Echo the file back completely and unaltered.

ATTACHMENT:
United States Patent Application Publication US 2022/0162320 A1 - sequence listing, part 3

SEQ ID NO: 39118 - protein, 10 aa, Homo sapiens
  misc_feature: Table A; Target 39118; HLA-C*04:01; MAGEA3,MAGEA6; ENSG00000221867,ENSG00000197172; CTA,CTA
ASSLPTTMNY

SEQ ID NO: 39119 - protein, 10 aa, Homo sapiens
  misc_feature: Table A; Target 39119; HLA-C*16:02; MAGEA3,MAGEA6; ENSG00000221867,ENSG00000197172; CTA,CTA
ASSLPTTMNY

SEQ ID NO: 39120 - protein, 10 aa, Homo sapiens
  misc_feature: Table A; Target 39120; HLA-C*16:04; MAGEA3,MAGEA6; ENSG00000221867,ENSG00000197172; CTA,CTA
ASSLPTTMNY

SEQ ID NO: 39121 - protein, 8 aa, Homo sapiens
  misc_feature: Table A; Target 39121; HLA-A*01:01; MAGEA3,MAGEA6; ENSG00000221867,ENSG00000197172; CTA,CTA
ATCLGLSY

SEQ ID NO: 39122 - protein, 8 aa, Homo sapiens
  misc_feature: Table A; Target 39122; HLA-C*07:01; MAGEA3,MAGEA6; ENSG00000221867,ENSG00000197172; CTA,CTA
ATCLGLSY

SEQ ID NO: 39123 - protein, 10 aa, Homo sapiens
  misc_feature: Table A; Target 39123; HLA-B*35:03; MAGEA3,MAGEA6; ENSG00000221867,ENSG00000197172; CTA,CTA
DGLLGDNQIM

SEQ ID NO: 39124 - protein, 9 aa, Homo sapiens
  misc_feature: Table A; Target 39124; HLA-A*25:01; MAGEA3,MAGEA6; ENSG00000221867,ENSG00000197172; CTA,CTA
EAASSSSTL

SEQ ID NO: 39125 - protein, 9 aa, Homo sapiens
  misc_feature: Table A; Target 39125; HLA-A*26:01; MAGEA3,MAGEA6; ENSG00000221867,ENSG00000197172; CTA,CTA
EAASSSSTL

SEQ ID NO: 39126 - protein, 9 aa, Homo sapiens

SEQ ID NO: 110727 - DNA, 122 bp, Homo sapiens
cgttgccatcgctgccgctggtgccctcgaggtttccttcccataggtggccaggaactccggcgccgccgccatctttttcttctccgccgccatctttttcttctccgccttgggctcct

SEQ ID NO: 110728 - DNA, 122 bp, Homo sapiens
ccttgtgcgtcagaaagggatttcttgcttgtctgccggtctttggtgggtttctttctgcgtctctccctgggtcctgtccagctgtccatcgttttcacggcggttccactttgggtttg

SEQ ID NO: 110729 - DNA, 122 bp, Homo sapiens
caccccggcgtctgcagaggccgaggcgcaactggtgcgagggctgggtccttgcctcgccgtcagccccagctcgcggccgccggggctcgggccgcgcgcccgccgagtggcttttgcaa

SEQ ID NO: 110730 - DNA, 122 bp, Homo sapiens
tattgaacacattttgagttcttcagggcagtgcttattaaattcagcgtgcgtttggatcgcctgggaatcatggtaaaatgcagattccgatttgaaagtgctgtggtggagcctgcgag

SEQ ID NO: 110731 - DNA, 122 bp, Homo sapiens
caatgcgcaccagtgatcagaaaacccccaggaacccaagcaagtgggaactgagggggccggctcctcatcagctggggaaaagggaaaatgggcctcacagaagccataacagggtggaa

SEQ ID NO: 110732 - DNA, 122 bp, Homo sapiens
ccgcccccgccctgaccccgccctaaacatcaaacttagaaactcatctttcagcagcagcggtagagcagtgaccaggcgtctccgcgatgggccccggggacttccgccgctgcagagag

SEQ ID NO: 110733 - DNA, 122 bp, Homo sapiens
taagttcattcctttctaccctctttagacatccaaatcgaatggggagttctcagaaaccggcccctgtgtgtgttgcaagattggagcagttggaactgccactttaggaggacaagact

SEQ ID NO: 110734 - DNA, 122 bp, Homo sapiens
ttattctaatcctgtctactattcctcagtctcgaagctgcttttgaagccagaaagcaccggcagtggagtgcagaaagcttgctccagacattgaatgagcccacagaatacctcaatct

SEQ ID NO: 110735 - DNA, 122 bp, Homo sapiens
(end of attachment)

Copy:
United States Patent Application Publication US 2022/0162320 A1 - sequence listing, part 3

SEQ ID NO: 39118 - protein, 10 aa, Homo sapiens
  misc_feature: Table A; Target 39118; HLA-C*04:01; MAGEA3,MAGEA6; ENSG00000221867,ENSG00000197172; CTA,CTA
ASSLPTTMNY

SEQ ID NO: 39119 - protein, 10 aa, Homo sapiens
  misc_feature: Table A; Target 39119; HLA-C*16:02; MAGEA3,MAGEA6; ENSG00000221867,ENSG00000197172; CTA,CTA
ASSLPTTMNY

SEQ ID NO: 39120 - protein, 10 aa, Homo sapiens
  misc_feature: Table A; Target 39120; HLA-C*16:04; MAGEA3,MAGEA6; ENSG00000221867,ENSG00000197172; CTA,CTA
ASSLPTTMNY

SEQ ID NO: 39121 - protein, 8 aa, Homo sapiens
  misc_feature: Table A; Target 39121; HLA-A*01:01; MAGEA3,MAGEA6; ENSG00000221867,ENSG00000197172; CTA,CTA
ATCLGLSY

SEQ ID NO: 39122 - protein, 8 aa, Homo sapiens
  misc_feature: Table A; Target 39122; HLA-C*07:01; MAGEA3,MAGEA6; ENSG00000221867,ENSG00000197172; CTA,CTA
ATCLGLSY

SEQ ID NO: 39123 - protein, 10 aa, Homo sapiens
  misc_feature: Table A; Target 39123; HLA-B*35:03; MAGEA3,MAGEA6; ENSG00000221867,ENSG00000197172; CTA,CTA
DGLLGDNQIM

SEQ ID NO: 39124 - protein, 9 aa, Homo sapiens
  misc_feature: Table A; Target 39124; HLA-A*25:01; MAGEA3,MAGEA6; ENSG00000221867,ENSG00000197172; CTA,CTA
EAASSSSTL

SEQ ID NO: 39125 - protein, 9 aa, Homo sapiens
  misc_feature: Table A; Target 39125; HLA-A*26:01; MAGEA3,MAGEA6; ENSG00000221867,ENSG00000197172; CTA,CTA
EAASSSSTL

SEQ ID NO: 39126 - protein, 9 aa, Homo sapiens

SEQ ID NO: 110727 - DNA, 122 bp, Homo sapiens
cgttgccatcgctgccgctggtgccctcgaggtttccttcccataggtggccaggaactccggcgccgccgccatctttttcttctccgccgccatctttttcttctccgccttgggctcct

SEQ ID NO: 110728 - DNA, 122 bp, Homo sapiens
ccttgtgcgtcagaaagggatttcttgcttgtctgccggtctttggtgggtttctttctgcgtctctccctgggtcctgtccagctgtccatcgttttcacggcggttccactttgggtttg

SEQ ID NO: 110729 - DNA, 122 bp, Homo sapiens
caccccggcgtctgcagaggccgaggcgcaactggtgcgagggctgggtccttgcctcgccgtcagccccagctcgcggccgccggggctcgggccgcgcgcccgccgagtggcttttgcaa

SEQ ID NO: 110730 - DNA, 122 bp, Homo sapiens
tattgaacacattttgagttcttcagggcagtgcttattaaattcagcgtgcgtttggatcgcctgggaatcatggtaaaatgcagattccgatttgaaagtgctgtggtggagcctgcgag

SEQ ID NO: 110731 - DNA, 122 bp, Homo sapiens
caatgcgcaccagtgatcagaaaacccccaggaacccaagcaagtgggaactgagggggccggctcctcatcagctggggaaaagggaaaatgggcctcacagaagccataacagggtggaa

SEQ ID NO: 110732 - DNA, 122 bp, Homo sapiens
ccgcccccgccctgaccccgccctaaacatcaaacttagaaactcatctttcagcagcagcggtagagcagtgaccaggcgtctccgcgatgggccccggggacttccgccgctgcagagag

SEQ ID NO: 110733 - DNA, 122 bp, Homo sapiens
taagttcattcctttctaccctctttagacatccaaatcgaatggggagttctcagaaaccggcccctgtgtgtgttgcaagattggagcagttggaactgccactttaggaggacaagact

SEQ ID NO: 110734 - DNA, 122 bp, Homo sapiens
ttattctaatcctgtctactattcctcagtctcgaagctgcttttgaagccagaaagcaccggcagtggagtgcagaaagcttgctccagacattgaatgagcccacagaatacctcaatct

SEQ ID NO: 110735 - DNA, 122 bp, Homo sapiens